3.1 Med.treatment

Medical help for sexual dysfunctions in men can be pharmaco therapeutic (e.g. androgen replacement in cases of hypogonadism, a PDE5 inhibitor for erectile dysfunction or clomipramine for ejaculatio praecox), or mechanical (ring, vacuum pump or prostheses) for erectile dysfunction. Dyspareunia in women requires a causal approach wherever possible. Artificial insemination with the partner’s semen as a ‘bedroom procedure’ can be a useful adjunct to the treatment of couples with problems stemming from the woman’s vaginismus or dyspareunia in either partner. Continued attempts at intercourse with the sole aim of procreating can stand in the way of the successful treatment of couples with dyspareunia or problems involving sexual arousal and desire. It is therefore advisable to separate the sexual problem from the desire to become pregnant, although the latter does increase the chance of successful therapy for vaginismus. If it is suspected that sex hormone deficiency is contributing to reduced libido or arousal problems, psychosexual therapy can be supplemented with hormone therapy. Systemic or transdermal administration of an oestrogen supplement is used to treat typical menopausal complaints and vaginal atrophy in women with an intact uterus, usually in combination with a progestogen. Tibolon (Livial®) is a tissue-specific pharmacon containing oestrogen and progestogen, which also has androgen properties. It is registered and approved for use in hormone suppletion therapy in postmenopausal women with complaints linked to an oestrogen deficiency. Tibolon has been shown to have a positive effect in reducing sexual complaints, comparable or slightly better than treatment using an oestrogen plus a progestogen alone. Until recently, there were no testosterone preparations specifically for women. Recently Intrinsa®, a transdermal testosterone patch became available for women who had undergone a bilateral oophorectomy plus hysterectomy and were also being treated with estrogens (Bijl, 2009). The patch is however contra-indicated for use in conjunction with oral conjugated equine estrogens. At present, only limited safety information is available; there is no data on the safety of use for a period longer than three years. For this reason, treatment should only be initiated by a specialist. Both the efficacy and safety of the treatment should be assessed on a regular basis, say, every six months, whereupon the decision whether or not to continue can be taken. The only substantial data available at this time relates to the use of the testosterone patch in women who have been rendered postmenopausal by a surgical procedure. The effects of the patch have yet to be studied in other groups who may be expected to show androgen deficiency, such as women with premature ovarian failure, Turner’s syndrome or iatrogenic menopause further to radiotherapy or chemotherapy. Patients who have undergone a bilateral oophorectomy to reduce the risk of breast cancer are not yet eligible for hormone suppletion, Tibolon treatment or the testosterone patch due to incomplete knowledge about the effects on hormone-sensitive breast tissue.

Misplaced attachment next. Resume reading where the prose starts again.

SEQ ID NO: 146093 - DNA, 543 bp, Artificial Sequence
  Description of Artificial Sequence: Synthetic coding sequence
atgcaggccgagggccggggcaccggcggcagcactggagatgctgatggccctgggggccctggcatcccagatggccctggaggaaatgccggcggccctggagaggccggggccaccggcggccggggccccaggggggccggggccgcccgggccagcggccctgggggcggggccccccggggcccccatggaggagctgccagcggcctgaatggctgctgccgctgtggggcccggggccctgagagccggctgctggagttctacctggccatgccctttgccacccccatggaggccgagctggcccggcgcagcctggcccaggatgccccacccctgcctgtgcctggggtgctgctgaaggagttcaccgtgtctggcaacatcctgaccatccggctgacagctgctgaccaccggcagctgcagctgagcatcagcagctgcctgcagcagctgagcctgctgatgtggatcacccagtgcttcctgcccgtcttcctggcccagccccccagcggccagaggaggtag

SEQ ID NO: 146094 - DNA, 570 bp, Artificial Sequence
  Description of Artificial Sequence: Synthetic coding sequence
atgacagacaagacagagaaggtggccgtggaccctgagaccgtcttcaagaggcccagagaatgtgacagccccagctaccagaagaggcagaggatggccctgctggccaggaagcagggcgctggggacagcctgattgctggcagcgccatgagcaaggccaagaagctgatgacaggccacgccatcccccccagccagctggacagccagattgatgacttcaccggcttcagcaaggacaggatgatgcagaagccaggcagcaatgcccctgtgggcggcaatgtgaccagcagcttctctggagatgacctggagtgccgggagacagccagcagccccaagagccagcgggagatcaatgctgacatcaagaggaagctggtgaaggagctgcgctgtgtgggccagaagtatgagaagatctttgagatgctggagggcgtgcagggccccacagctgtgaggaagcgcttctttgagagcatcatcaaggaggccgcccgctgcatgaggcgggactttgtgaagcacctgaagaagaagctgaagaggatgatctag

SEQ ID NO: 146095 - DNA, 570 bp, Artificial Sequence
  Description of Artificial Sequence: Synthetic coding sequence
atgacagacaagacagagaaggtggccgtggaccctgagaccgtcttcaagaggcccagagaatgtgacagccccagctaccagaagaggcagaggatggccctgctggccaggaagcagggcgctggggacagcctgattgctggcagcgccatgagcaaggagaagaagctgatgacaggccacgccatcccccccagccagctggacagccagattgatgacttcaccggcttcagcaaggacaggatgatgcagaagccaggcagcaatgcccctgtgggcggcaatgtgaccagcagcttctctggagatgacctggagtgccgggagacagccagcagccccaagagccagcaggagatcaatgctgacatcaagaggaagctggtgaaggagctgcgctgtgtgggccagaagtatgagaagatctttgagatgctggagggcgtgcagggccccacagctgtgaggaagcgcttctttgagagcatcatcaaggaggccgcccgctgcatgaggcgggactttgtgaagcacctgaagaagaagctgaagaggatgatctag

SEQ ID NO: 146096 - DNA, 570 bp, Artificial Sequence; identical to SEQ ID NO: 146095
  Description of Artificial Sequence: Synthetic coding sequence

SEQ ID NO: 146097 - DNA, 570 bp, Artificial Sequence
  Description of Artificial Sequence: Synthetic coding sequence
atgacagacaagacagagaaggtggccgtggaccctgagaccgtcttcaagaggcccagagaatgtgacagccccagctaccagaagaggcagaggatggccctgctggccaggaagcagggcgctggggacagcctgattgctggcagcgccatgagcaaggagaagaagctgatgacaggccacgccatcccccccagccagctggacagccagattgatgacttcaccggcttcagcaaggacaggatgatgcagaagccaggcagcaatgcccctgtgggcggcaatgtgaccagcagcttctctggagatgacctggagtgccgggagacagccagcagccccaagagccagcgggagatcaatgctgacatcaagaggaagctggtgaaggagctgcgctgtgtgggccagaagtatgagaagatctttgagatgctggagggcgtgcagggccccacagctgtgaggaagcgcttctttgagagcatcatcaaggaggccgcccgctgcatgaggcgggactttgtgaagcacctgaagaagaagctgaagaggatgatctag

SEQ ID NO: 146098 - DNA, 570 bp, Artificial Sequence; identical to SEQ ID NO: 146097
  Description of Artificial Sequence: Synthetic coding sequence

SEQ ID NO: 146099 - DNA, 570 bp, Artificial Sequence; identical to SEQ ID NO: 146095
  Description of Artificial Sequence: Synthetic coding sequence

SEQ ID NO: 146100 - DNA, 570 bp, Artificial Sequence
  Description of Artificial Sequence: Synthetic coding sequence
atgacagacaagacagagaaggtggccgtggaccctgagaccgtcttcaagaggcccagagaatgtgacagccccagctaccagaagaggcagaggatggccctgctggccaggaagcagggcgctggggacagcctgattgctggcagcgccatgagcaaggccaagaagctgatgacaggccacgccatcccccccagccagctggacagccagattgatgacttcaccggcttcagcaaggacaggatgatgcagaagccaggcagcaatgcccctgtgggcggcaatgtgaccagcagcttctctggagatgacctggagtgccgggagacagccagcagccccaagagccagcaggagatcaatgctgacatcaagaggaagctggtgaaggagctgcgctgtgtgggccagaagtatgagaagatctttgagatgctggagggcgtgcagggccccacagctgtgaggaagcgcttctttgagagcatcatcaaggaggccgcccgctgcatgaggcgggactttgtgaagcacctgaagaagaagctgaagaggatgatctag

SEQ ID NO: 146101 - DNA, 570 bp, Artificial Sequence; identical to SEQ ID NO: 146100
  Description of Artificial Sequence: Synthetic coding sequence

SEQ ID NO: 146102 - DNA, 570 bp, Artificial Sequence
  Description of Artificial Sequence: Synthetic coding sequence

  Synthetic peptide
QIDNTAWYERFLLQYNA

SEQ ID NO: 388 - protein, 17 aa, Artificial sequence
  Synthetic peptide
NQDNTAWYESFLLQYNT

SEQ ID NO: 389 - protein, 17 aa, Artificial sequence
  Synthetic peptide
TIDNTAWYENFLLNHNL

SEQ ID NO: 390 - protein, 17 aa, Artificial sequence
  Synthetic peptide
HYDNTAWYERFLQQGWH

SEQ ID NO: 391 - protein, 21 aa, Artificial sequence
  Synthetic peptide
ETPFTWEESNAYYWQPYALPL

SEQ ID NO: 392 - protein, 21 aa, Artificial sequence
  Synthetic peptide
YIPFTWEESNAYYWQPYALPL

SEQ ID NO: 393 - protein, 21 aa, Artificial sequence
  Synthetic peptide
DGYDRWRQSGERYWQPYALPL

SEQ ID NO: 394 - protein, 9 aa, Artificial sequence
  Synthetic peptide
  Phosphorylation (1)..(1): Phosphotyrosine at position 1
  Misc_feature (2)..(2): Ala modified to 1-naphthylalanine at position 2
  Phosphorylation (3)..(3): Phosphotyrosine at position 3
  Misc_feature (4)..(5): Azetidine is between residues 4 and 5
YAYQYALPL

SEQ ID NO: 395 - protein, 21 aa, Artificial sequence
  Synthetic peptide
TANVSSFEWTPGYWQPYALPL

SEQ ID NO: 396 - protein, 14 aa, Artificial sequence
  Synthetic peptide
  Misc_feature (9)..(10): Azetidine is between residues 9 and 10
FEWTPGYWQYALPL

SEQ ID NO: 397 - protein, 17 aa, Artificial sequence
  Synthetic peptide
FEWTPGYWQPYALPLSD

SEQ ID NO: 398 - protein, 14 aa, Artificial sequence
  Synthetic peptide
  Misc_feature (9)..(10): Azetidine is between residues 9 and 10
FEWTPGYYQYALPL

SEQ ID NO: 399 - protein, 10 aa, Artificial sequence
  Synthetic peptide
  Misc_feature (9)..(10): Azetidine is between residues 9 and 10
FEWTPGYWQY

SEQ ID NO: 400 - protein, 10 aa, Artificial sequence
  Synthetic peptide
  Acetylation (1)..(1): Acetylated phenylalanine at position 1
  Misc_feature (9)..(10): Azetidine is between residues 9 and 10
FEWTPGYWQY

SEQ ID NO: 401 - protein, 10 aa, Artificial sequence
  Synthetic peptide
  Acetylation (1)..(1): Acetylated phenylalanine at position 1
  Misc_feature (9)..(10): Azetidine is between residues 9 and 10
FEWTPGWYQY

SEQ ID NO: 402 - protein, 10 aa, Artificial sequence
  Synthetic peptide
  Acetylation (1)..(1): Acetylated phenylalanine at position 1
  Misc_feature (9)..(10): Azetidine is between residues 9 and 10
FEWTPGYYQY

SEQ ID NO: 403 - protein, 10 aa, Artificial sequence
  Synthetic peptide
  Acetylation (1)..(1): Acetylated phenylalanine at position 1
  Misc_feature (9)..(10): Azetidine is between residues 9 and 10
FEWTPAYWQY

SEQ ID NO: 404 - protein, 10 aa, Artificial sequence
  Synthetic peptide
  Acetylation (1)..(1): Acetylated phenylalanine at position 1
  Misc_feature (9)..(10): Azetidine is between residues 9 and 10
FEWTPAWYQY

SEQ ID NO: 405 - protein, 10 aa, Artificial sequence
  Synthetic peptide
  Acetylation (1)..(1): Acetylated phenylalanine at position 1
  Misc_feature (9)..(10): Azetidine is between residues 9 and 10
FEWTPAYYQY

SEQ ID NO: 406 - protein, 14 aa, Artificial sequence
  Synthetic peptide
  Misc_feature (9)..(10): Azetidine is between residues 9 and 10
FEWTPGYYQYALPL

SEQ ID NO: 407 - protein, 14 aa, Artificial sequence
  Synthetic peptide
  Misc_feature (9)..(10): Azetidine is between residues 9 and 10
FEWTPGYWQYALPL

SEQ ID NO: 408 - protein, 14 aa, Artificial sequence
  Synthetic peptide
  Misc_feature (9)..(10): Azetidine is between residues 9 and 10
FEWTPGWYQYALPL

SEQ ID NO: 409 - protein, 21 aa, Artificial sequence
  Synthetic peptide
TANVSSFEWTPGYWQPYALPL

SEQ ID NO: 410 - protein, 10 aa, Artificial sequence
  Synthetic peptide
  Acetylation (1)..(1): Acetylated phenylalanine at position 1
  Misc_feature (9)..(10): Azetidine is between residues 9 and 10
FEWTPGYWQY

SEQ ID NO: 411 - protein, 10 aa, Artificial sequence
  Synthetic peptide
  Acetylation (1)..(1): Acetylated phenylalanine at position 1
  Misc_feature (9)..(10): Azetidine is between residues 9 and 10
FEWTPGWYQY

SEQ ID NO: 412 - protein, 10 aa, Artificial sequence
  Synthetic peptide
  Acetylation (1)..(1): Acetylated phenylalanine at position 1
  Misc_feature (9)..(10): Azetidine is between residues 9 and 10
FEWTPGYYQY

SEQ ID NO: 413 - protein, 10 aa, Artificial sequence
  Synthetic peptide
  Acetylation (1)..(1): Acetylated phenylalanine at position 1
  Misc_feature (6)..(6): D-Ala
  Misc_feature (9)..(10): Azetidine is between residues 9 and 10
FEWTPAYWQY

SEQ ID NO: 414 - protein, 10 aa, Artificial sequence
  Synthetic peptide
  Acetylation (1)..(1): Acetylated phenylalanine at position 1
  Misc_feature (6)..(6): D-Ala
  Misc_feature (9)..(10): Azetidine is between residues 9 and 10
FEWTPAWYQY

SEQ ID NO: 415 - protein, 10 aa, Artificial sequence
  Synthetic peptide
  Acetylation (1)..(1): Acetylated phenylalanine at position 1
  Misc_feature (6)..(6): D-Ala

Although testosterone suppletion can help patients with androgen deficiency to recover central and peripheral sensitivity to sexual stimuli, it is usually not enough on its own. If the problems are long standing, it will often be necessary to help both patient and partner to discover or rediscover sexual stimuli which promote arousal, to strengthen the reward component of sexual activity in the form of pleasurable sexual feelings, to mitigate any negative emotions associated with sex, and to restore effective communication and intimacy to their relationship. In general we may state that medical interventions, as advanced as they may be, are often nothing more than technical solutions to what is in essence an emotional problem. Medical options remain important because they can often help the patient to deal with long-term exposure to the problematic situation, which is by far the most important therapeutic factor in conditions such as anxiety disorders. However, there is an important condition: the principle of ‘do no harm’. This cannot be guaranteed where a medical or surgical procedure is irreversible, as many are. This forms the limiting factor whereby the patient’s decision to opt for a medical-technical solution should be subject to counseling to ensure fully informed consent.